We have been able to meet in person again since September and we have enjoyed some excellent presentations. This year, we have had the benefit of audio-visual display which some speakers have used to great effect. It means we can use YouTube to display particular performances.

We finished the season in style last night with Ruth Barlow’s presentation of classical music in animation. Of course, Fantasia, featured prominently with several extracts, together with other Disney characters in musical settings. The first clip was the Cat Concert0 dating from 1946 featuring Tom and Jerry and which won Disney an Oscar for best short subject. Other animations included a rather more modern Geometry of Circles by Philip Glass and a fascinating 2018 animation Line Rider produced by DoodleChaos. This was a particularly fitting end to the first half of the 2021/22 programme and a ‘first’ in presentational terms for the Society.

Fantasia was not a success for Disney and he was put under some stress financially because of that. Its release during the war meant it could not be displayed in Europe. It was only some years later that it became a hit and has since been reissued several times.

Talking of ‘firsts’, Ed Tinline’s evening ‘Harmony around the Baltic’ was also a first in that we had photographs from each of the Baltic countries to illustrate the music being played.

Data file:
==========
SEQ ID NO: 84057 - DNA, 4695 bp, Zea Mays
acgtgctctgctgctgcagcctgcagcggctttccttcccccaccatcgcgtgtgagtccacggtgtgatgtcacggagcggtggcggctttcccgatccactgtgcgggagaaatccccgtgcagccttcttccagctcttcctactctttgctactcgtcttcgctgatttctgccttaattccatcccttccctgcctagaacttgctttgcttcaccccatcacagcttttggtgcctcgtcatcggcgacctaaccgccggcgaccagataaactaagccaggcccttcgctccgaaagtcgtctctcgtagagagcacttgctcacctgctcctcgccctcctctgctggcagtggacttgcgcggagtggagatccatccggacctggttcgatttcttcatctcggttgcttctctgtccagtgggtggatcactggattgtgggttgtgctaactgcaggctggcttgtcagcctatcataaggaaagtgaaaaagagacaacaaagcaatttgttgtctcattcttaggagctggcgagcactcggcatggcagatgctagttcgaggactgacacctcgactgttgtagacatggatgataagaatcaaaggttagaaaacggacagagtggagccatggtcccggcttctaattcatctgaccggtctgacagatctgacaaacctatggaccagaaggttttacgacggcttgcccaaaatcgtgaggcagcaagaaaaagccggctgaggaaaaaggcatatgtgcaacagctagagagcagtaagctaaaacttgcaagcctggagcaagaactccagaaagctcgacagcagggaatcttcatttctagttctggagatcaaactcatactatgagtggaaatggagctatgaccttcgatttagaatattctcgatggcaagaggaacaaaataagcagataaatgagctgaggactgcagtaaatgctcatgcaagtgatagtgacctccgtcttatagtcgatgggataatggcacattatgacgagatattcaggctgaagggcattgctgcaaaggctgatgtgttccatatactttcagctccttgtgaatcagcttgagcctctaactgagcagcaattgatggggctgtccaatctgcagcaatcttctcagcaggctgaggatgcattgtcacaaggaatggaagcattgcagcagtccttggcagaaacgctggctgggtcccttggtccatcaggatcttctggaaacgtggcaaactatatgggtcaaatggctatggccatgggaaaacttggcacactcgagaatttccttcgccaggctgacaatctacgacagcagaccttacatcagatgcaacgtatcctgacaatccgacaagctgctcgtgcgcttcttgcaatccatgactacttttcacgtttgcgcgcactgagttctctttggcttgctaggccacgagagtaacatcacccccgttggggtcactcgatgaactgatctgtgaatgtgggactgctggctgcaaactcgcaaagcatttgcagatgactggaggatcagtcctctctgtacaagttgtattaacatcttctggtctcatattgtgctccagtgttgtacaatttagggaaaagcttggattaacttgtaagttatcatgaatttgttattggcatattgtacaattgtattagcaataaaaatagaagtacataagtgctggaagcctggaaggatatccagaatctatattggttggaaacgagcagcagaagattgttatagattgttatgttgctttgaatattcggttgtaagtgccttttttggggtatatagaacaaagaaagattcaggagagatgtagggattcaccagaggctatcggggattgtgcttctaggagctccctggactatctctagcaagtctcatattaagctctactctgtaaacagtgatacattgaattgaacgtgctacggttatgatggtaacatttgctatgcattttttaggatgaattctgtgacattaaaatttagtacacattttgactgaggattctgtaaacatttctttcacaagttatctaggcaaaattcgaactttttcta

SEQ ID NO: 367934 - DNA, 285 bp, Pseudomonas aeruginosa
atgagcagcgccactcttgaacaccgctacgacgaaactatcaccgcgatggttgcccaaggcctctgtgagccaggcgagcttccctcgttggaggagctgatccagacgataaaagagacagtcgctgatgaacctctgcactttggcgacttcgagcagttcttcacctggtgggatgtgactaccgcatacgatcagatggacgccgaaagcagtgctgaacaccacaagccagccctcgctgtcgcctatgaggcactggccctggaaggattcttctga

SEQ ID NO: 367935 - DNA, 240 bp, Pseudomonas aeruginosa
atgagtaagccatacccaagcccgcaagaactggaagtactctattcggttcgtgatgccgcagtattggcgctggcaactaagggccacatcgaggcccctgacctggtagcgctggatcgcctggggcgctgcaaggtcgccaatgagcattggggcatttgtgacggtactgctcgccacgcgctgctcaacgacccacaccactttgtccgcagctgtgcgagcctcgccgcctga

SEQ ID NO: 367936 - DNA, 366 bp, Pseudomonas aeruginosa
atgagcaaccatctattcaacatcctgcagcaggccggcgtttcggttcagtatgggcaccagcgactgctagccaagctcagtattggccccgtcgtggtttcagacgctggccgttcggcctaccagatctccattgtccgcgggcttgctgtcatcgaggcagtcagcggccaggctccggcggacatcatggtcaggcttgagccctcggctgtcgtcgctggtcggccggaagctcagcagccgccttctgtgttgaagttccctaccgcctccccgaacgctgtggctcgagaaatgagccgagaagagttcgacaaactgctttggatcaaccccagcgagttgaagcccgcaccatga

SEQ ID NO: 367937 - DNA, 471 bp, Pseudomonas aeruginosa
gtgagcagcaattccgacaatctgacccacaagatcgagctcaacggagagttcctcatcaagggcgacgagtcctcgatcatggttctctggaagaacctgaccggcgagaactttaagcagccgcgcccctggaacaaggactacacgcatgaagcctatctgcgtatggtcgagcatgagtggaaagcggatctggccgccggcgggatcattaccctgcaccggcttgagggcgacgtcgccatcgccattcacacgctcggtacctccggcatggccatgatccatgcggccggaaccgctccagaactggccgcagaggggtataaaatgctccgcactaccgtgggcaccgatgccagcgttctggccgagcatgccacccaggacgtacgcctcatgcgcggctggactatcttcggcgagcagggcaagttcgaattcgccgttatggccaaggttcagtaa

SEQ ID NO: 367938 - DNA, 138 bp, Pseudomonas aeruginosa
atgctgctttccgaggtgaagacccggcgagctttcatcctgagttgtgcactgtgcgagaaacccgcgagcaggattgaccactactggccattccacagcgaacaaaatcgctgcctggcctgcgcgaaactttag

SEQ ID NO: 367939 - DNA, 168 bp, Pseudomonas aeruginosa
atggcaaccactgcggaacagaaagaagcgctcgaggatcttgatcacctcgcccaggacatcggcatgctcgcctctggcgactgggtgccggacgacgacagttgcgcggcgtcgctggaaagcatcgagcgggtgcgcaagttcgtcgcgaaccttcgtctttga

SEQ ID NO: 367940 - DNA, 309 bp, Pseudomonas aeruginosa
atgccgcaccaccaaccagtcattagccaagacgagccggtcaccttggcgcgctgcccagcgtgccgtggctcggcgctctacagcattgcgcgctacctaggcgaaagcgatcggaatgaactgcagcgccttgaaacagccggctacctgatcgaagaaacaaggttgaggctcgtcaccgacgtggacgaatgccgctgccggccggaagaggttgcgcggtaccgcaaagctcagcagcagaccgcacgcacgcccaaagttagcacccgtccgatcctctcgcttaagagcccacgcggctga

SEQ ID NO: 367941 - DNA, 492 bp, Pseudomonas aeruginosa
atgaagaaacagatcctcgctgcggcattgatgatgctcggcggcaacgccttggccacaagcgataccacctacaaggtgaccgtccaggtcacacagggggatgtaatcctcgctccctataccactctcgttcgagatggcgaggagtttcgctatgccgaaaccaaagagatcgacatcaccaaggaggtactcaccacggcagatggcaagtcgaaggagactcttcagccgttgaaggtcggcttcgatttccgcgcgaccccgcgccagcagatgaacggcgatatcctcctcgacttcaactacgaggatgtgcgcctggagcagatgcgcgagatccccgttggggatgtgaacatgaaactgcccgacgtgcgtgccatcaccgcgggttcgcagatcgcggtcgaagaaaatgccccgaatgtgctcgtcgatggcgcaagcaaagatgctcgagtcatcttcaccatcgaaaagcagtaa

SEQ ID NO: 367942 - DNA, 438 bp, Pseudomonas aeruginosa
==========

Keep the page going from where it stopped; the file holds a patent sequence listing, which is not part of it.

Alan Forshaw’s Listening to Beethoven in a different light was memorable for several reasons. He reminded us that in Beethoven’s day, many people – perhaps the majority – would not have heard his works in a concert hall with orchestra but in the form of piano transcriptions and he played some modern versions. Not all the performers would have had the skill of Liszt so what people would have heard would have been very variable. Alan also played arrangements in different formats of familiar works which often gave a new insight into them.

An excellent and varied programme with the added attraction of film or still illustrations of the works being played. We look forward to the second half starting on 31 January 2022 with John Challenger discussing the Cathedral’s Father Willis organ.

Seasons greetings to all our members and readers and we look forward to welcoming you back in the New Year.